BEIJING — After leading her Russian team to gold in the figure skating team event last Monday, before the world around her began to crumble, Kamila Valieva stood before a room full of journalists.
At first, she didn’t know how to wear the earphone that provided simultaneous translations and sought help. She fumbled with the microphone and then giggled as she struggled to find her words, like the 15-year-old she is.
“More courage! More courage!” Nikita Katsalapov, the ice dancer and team leader of the Russian team, told him. “It’s going to be okay!”
It was a snapshot of a teenager new to the spotlight that in recent days has gone blindingly bright.
Valieva rose to the highest level in the sport just four months ago when she competed in her first top-level international competition. A prima ballerina on the slides, she began setting world point records with her rapid quadruple jumps and artistry so elegant she radiated maturity.
Ahead of the Beijing Games, she was tipped as the favorite to win, but now she’s at the center of a doping scandal that could be the beginning of the end of a glittering career if she can’t compete in the Olympic women’s singles event on Tuesday.
Caught up in the whirlwind, Valieva tried to hide her face from reporters last week at Beijing’s training rink after it was revealed she had failed a doping test after testing positive for a banned heart drug. weeks before the Games. She didn’t have the pastel-colored stuffed rabbit she sometimes hugged when reporters started pushing.
The Court of Arbitration for Sport will decide by Monday afternoon whether she can compete in the Olympics but whatever the outcome, and no matter who bears the greatest responsibility for the scandal, she faces future scrutiny for whether performance-enhancing drugs helped her win.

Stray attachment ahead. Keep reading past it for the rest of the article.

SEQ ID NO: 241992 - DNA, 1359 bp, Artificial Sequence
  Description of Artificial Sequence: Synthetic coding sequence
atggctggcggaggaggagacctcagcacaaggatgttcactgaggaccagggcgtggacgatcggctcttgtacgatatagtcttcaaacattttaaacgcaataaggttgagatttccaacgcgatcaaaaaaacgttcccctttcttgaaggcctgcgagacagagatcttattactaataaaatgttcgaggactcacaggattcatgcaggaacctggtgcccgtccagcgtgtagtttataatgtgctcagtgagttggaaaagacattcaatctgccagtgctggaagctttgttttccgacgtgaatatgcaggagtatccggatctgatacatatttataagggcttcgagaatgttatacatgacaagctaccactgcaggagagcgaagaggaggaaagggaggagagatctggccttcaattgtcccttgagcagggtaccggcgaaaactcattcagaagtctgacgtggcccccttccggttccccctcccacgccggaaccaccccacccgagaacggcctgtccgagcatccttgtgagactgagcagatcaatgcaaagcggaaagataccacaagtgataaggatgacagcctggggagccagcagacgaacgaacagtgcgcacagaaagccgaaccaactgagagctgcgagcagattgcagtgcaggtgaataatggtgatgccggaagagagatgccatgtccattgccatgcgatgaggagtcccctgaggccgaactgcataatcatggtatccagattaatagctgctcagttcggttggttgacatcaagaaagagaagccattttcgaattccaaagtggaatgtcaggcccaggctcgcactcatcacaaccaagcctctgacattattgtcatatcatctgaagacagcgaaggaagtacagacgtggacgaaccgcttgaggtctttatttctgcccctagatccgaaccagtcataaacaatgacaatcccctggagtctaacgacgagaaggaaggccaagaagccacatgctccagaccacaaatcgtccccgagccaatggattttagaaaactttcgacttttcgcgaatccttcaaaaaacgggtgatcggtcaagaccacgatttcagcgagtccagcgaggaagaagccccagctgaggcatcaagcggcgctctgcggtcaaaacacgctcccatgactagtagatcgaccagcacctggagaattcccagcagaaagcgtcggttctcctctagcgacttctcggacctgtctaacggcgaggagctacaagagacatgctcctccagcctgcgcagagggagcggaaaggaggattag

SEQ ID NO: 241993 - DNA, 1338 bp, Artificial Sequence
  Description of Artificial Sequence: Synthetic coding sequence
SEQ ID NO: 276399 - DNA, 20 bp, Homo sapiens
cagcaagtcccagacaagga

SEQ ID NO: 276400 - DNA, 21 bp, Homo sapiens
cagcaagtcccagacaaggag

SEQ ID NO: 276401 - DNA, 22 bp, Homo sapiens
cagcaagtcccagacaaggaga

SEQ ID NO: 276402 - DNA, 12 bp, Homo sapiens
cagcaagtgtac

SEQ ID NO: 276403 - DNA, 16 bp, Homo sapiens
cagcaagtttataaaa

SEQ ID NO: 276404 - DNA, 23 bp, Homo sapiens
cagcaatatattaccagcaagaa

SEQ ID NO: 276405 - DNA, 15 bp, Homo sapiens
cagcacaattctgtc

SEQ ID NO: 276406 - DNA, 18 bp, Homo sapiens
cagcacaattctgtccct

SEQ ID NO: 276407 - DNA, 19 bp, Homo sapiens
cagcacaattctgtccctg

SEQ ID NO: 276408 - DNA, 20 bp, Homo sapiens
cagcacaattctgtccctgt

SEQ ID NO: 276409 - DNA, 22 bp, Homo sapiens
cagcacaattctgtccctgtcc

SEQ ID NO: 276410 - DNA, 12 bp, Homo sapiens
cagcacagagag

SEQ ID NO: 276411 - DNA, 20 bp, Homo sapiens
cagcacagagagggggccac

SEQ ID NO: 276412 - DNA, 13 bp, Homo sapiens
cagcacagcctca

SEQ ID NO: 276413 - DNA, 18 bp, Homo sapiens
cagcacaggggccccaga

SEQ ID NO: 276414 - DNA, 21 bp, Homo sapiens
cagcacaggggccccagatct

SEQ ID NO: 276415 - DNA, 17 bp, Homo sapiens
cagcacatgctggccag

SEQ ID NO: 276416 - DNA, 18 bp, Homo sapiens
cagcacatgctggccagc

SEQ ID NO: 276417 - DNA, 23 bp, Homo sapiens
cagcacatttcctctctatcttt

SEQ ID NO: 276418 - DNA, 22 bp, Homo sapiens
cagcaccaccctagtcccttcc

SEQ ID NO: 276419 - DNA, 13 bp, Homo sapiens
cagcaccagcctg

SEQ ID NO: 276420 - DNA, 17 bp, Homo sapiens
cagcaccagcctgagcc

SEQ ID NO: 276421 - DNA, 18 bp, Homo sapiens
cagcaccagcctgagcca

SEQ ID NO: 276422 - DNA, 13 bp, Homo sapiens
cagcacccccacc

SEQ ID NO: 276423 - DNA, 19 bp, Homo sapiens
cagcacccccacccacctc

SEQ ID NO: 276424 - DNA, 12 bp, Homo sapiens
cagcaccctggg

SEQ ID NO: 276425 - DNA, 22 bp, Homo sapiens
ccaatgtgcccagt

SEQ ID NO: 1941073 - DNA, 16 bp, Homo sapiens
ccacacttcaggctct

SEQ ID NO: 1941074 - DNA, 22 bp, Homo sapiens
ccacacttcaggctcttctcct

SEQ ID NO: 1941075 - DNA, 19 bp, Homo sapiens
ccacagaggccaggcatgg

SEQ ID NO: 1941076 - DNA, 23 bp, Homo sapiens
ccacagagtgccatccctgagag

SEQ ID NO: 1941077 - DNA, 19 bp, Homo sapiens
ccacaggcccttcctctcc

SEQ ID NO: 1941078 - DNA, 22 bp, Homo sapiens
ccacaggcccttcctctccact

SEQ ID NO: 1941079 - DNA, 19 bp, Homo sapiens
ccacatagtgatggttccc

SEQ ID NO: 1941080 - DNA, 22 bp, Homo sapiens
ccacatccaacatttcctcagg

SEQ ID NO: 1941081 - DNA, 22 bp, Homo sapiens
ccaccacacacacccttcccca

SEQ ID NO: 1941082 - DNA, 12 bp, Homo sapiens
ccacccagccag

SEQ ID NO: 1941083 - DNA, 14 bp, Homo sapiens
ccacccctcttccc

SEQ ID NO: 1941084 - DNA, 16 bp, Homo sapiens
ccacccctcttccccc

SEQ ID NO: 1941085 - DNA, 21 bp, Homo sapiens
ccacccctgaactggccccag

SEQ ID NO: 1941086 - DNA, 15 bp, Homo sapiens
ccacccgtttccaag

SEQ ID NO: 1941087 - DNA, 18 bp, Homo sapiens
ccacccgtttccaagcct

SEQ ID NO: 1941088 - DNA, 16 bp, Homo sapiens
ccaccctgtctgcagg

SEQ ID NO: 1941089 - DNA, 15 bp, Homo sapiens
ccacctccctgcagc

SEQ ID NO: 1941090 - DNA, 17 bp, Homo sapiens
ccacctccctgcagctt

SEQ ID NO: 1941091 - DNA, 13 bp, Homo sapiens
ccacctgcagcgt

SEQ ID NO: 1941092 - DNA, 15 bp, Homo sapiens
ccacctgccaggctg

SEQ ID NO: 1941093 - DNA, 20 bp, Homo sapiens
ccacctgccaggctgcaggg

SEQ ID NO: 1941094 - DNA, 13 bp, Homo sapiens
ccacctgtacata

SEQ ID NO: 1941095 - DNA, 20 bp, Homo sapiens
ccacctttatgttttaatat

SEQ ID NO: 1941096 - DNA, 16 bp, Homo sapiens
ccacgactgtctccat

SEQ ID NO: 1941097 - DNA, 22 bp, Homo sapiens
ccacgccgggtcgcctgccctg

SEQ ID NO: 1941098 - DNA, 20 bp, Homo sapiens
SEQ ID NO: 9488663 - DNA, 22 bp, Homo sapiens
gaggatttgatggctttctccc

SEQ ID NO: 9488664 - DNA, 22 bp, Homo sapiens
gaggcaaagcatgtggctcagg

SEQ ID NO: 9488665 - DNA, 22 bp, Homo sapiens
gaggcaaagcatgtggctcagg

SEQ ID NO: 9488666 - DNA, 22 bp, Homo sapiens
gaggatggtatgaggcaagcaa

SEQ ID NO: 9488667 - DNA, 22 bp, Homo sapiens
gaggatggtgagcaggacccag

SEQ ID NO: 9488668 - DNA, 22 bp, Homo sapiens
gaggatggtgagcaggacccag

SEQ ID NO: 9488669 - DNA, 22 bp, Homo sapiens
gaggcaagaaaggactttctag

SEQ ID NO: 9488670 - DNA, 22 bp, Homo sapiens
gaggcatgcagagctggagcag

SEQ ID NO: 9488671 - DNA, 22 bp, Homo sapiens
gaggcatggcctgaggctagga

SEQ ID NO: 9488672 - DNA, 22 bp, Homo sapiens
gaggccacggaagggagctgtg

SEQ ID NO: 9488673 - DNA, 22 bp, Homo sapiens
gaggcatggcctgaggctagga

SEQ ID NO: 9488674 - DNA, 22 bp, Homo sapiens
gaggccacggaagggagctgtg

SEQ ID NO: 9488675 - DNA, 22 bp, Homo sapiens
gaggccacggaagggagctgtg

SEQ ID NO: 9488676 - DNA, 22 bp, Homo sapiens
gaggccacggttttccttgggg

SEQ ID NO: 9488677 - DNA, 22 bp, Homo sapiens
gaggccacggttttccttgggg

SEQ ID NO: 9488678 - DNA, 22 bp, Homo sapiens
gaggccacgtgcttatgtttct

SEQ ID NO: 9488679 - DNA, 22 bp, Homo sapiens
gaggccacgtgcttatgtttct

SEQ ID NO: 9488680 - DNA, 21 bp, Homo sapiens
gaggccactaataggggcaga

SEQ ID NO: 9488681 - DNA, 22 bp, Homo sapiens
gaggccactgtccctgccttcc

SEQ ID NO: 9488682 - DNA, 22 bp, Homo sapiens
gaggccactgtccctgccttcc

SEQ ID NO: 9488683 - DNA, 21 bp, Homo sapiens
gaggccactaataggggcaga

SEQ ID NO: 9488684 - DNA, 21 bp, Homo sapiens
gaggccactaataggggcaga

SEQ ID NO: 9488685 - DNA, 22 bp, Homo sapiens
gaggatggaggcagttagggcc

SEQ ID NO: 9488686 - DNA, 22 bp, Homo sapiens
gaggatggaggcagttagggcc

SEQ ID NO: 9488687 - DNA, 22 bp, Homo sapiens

“I admire Kamila as a beaming star, who burst into the orbit of the international skating world,” two-time Olympic champion Katarina Witt said on social media last week. “And I still very much wish she had come to stay.”
It was far from the moment Valieva had been waiting for since she was 3 years old. It was then, when she was just a little girl, that she told her mother in the Russian city of Kazan that she wanted to be an Olympic champion.
Like many top skaters, Valieva started out in ballet and gymnastics before choosing figure skating first and foremost. Her first coach, Ksenia Ivanova, remarked that she had everything to be a successful skater, but what stood out the most, she told Russian media, was that she was “determined, responsible and courteous”.
When Valieva was in elementary school, her family moved to Moscow so she could train with a better coach. The critical moment in her career came in 2018, when she was around 12 years old. It was then that she was invited to train at the Sambo-70 Crystal rink, under the guidance of Eteri Tutberidze, a trainer known for her grueling training schedule and winners.